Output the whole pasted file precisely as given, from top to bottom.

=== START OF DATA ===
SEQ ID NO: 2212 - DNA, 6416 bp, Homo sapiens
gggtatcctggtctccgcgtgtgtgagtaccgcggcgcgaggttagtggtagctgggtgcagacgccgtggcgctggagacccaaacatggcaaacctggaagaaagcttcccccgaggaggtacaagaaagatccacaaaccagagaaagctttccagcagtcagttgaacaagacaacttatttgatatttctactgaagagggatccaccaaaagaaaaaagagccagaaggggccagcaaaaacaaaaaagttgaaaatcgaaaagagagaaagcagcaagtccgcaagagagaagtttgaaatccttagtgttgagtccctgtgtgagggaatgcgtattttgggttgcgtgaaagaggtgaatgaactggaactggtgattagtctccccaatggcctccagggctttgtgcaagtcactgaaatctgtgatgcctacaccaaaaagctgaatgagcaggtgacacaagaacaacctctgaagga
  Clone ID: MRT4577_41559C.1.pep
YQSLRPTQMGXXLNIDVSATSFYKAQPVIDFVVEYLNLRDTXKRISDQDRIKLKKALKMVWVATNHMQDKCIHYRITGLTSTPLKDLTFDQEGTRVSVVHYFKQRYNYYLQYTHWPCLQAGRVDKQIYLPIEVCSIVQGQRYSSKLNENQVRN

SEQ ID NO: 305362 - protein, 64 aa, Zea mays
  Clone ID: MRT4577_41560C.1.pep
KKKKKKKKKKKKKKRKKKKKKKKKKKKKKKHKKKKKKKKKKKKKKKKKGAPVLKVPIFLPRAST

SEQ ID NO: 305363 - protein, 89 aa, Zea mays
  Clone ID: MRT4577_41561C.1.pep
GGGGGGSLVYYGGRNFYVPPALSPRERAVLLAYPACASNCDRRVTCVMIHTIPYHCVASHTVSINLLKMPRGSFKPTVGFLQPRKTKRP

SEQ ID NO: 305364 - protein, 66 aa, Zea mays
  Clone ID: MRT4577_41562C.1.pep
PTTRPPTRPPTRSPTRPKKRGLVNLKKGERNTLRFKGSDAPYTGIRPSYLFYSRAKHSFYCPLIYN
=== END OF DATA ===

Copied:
SEQ ID NO: 2212 - DNA, 6416 bp, Homo sapiens
gggtatcctggtctccgcgtgtgtgagtaccgcggcgcgaggttagtggtagctgggtgcagacgccgtggcgctggagacccaaacatggcaaacctggaagaaagcttcccccgaggaggtacaagaaagatccacaaaccagagaaagctttccagcagtcagttgaacaagacaacttatttgatatttctactgaagagggatccaccaaaagaaaaaagagccagaaggggccagcaaaaacaaaaaagttgaaaatcgaaaagagagaaagcagcaagtccgcaagagagaagtttgaaatccttagtgttgagtccctgtgtgagggaatgcgtattttgggttgcgtgaaagaggtgaatgaactggaactggtgattagtctccccaatggcctccagggctttgtgcaagtcactgaaatctgtgatgcctacaccaaaaagctgaatgagcaggtgacacaagaacaacctctgaagga
  Clone ID: MRT4577_41559C.1.pep
YQSLRPTQMGXXLNIDVSATSFYKAQPVIDFVVEYLNLRDTXKRISDQDRIKLKKALKMVWVATNHMQDKCIHYRITGLTSTPLKDLTFDQEGTRVSVVHYFKQRYNYYLQYTHWPCLQAGRVDKQIYLPIEVCSIVQGQRYSSKLNENQVRN

SEQ ID NO: 305362 - protein, 64 aa, Zea mays
  Clone ID: MRT4577_41560C.1.pep
KKKKKKKKKKKKKKRKKKKKKKKKKKKKKKHKKKKKKKKKKKKKKKKKGAPVLKVPIFLPRAST

SEQ ID NO: 305363 - protein, 89 aa, Zea mays
  Clone ID: MRT4577_41561C.1.pep
GGGGGGSLVYYGGRNFYVPPALSPRERAVLLAYPACASNCDRRVTCVMIHTIPYHCVASHTVSINLLKMPRGSFKPTVGFLQPRKTKRP

SEQ ID NO: 305364 - protein, 66 aa, Zea mays
  Clone ID: MRT4577_41562C.1.pep
PTTRPPTRPPTRSPTRPKKRGLVNLKKGERNTLRFKGSDAPYTGIRPSYLFYSRAKHSFYCPLIYN